In his new book Michael Burleigh’s NOT writing about the Third Reich





Michael Burleigh’s ambitious cultural history of terrorism is indeed suffused with blood and rage. The blood is provided in graphic, detailed, often nauseating descriptions of the vicious brutality of terrorists ranging from the Irish Fenians to Al Qaeda. The rage, on the other hand, is in the pen of the author, and it is equally wide ranging. Burleigh rages against terrorists and all their apologists: “unserious” academics, ineffably polite interrogators, colluding human rights lawyers and those scourges of the modern age, the multiculturalists.

Behind the blood and the rage, this is a learned and erudite book. Burleigh’s broad survey provides detailed descriptions of many of the most important terrorist movements and the sociopolitical contexts in which they have operated since the mid-19th century. He seamlessly synthesizes vast amounts of historical material and provides often riveting accounts of terrorist atrocities and the literary and political environments where they took place. He treats Russian nihilists, European anarchists, Fenians of both the 19th- and 20th-century variety, Algerians, Palestinians, South Africans, the Italian Red Brigades, the German Red Army Faction and the Basque ETA before coming to his real interest, Islamic terrorism. A less ambitious author might have given his readers two books, as there is little direct connection between the various parts other than the unstated point that Islamic terrorism is just the most recent manifestation of an old phenomenon. The implication is that, like its precursors, it too will pass.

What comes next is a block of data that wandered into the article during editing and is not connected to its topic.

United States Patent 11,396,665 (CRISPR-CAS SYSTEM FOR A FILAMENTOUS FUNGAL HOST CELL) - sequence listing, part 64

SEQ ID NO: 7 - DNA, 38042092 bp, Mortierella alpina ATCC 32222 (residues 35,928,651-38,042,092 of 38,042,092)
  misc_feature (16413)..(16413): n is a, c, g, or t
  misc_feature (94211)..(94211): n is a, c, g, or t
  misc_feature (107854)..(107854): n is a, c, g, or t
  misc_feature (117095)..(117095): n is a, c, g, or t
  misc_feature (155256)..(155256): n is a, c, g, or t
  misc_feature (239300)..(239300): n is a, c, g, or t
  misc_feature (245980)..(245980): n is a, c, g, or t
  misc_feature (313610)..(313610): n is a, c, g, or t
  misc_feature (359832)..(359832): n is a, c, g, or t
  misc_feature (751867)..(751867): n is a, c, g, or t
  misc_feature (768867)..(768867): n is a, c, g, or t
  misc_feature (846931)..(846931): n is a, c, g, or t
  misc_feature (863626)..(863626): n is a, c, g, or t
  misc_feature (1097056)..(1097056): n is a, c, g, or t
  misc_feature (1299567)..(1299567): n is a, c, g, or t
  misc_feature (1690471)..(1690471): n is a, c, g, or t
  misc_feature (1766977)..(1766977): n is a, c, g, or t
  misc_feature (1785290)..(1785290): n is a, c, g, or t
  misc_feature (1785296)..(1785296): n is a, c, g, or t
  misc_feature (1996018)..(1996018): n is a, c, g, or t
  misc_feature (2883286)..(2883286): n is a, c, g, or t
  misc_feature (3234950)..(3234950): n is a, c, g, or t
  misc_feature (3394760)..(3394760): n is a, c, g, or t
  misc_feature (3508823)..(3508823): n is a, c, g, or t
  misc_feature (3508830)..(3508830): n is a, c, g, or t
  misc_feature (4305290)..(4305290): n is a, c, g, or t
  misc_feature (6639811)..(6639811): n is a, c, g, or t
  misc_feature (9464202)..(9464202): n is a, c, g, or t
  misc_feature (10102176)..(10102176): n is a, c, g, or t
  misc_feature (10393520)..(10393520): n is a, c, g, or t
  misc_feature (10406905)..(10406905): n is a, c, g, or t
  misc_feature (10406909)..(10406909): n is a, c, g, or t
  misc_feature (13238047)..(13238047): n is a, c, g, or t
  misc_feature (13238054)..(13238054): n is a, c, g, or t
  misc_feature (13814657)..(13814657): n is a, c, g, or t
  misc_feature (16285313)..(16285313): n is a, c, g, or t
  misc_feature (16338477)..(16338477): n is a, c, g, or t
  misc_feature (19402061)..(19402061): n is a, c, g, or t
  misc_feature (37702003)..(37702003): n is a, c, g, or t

Burleigh is a respected historian widely known for his work on the Third Reich, and with “Blood and Rage” he has written a deeply idiosyncratic book. He provides no explanation for why he includes some terrorist organizations and not others; important groups like the Colombian FARC, the Shining Path of Peru and the Tamil Tigers of Sri Lanka receive little or no mention, nor do most other Latin American or Asian groups. Burleigh’s interest remains Europe.

Neither does he have any time for defining terrorism....


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